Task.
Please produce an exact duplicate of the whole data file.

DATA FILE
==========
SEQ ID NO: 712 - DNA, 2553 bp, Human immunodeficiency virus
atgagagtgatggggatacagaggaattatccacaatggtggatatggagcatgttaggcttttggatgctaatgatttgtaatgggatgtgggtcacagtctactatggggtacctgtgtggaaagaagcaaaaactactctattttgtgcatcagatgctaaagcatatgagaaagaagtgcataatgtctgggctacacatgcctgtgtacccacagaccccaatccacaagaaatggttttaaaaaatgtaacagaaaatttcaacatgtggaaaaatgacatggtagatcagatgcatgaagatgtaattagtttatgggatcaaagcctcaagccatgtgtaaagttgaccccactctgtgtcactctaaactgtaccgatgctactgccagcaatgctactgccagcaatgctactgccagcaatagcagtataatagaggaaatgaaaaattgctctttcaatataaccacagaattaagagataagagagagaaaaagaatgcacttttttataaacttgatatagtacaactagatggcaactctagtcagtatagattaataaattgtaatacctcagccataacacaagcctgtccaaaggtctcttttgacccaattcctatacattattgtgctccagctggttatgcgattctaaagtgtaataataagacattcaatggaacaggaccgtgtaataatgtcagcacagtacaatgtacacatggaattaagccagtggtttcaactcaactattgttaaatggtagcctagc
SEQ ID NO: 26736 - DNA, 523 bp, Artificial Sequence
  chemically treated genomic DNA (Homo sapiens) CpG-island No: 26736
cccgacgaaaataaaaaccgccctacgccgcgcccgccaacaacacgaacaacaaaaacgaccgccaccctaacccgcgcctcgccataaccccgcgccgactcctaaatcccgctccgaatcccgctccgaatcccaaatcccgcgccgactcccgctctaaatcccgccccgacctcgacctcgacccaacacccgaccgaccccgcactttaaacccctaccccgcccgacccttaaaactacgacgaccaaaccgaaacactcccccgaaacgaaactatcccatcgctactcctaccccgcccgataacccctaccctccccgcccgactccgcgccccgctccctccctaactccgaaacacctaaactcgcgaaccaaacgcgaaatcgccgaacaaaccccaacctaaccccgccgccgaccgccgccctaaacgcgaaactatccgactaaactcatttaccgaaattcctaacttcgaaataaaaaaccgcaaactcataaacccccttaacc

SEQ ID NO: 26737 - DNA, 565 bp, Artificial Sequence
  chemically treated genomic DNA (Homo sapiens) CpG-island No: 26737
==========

SEQ ID NO: 712 - DNA, 2553 bp, Human immunodeficiency virus
atgagagtgatggggatacagaggaattatccacaatggtggatatggagcatgttaggcttttggatgctaatgatttgtaatgggatgtgggtcacagtctactatggggtacctgtgtggaaagaagcaaaaactactctattttgtgcatcagatgctaaagcatatgagaaagaagtgcataatgtctgggctacacatgcctgtgtacccacagaccccaatccacaagaaatggttttaaaaaatgtaacagaaaatttcaacatgtggaaaaatgacatggtagatcagatgcatgaagatgtaattagtttatgggatcaaagcctcaagccatgtgtaaagttgaccccactctgtgtcactctaaactgtaccgatgctactgccagcaatgctactgccagcaatgctactgccagcaatagcagtataatagaggaaatgaaaaattgctctttcaatataaccacagaattaagagataagagagagaaaaagaatgcacttttttataaacttgatatagtacaactagatggcaactctagtcagtatagattaataaattgtaatacctcagccataacacaagcctgtccaaaggtctcttttgacccaattcctatacattattgtgctccagctggttatgcgattctaaagtgtaataataagacattcaatggaacaggaccgtgtaataatgtcagcacagtacaatgtacacatggaattaagccagtggtttcaactcaactattgttaaatggtagcctagc
SEQ ID NO: 26736 - DNA, 523 bp, Artificial Sequence
  chemically treated genomic DNA (Homo sapiens) CpG-island No: 26736
cccgacgaaaataaaaaccgccctacgccgcgcccgccaacaacacgaacaacaaaaacgaccgccaccctaacccgcgcctcgccataaccccgcgccgactcctaaatcccgctccgaatcccgctccgaatcccaaatcccgcgccgactcccgctctaaatcccgccccgacctcgacctcgacccaacacccgaccgaccccgcactttaaacccctaccccgcccgacccttaaaactacgacgaccaaaccgaaacactcccccgaaacgaaactatcccatcgctactcctaccccgcccgataacccctaccctccccgcccgactccgcgccccgctccctccctaactccgaaacacctaaactcgcgaaccaaacgcgaaatcgccgaacaaaccccaacctaaccccgccgccgaccgccgccctaaacgcgaaactatccgactaaactcatttaccgaaattcctaacttcgaaataaaaaaccgcaaactcataaacccccttaacc

SEQ ID NO: 26737 - DNA, 565 bp, Artificial Sequence
  chemically treated genomic DNA (Homo sapiens) CpG-island No: 26737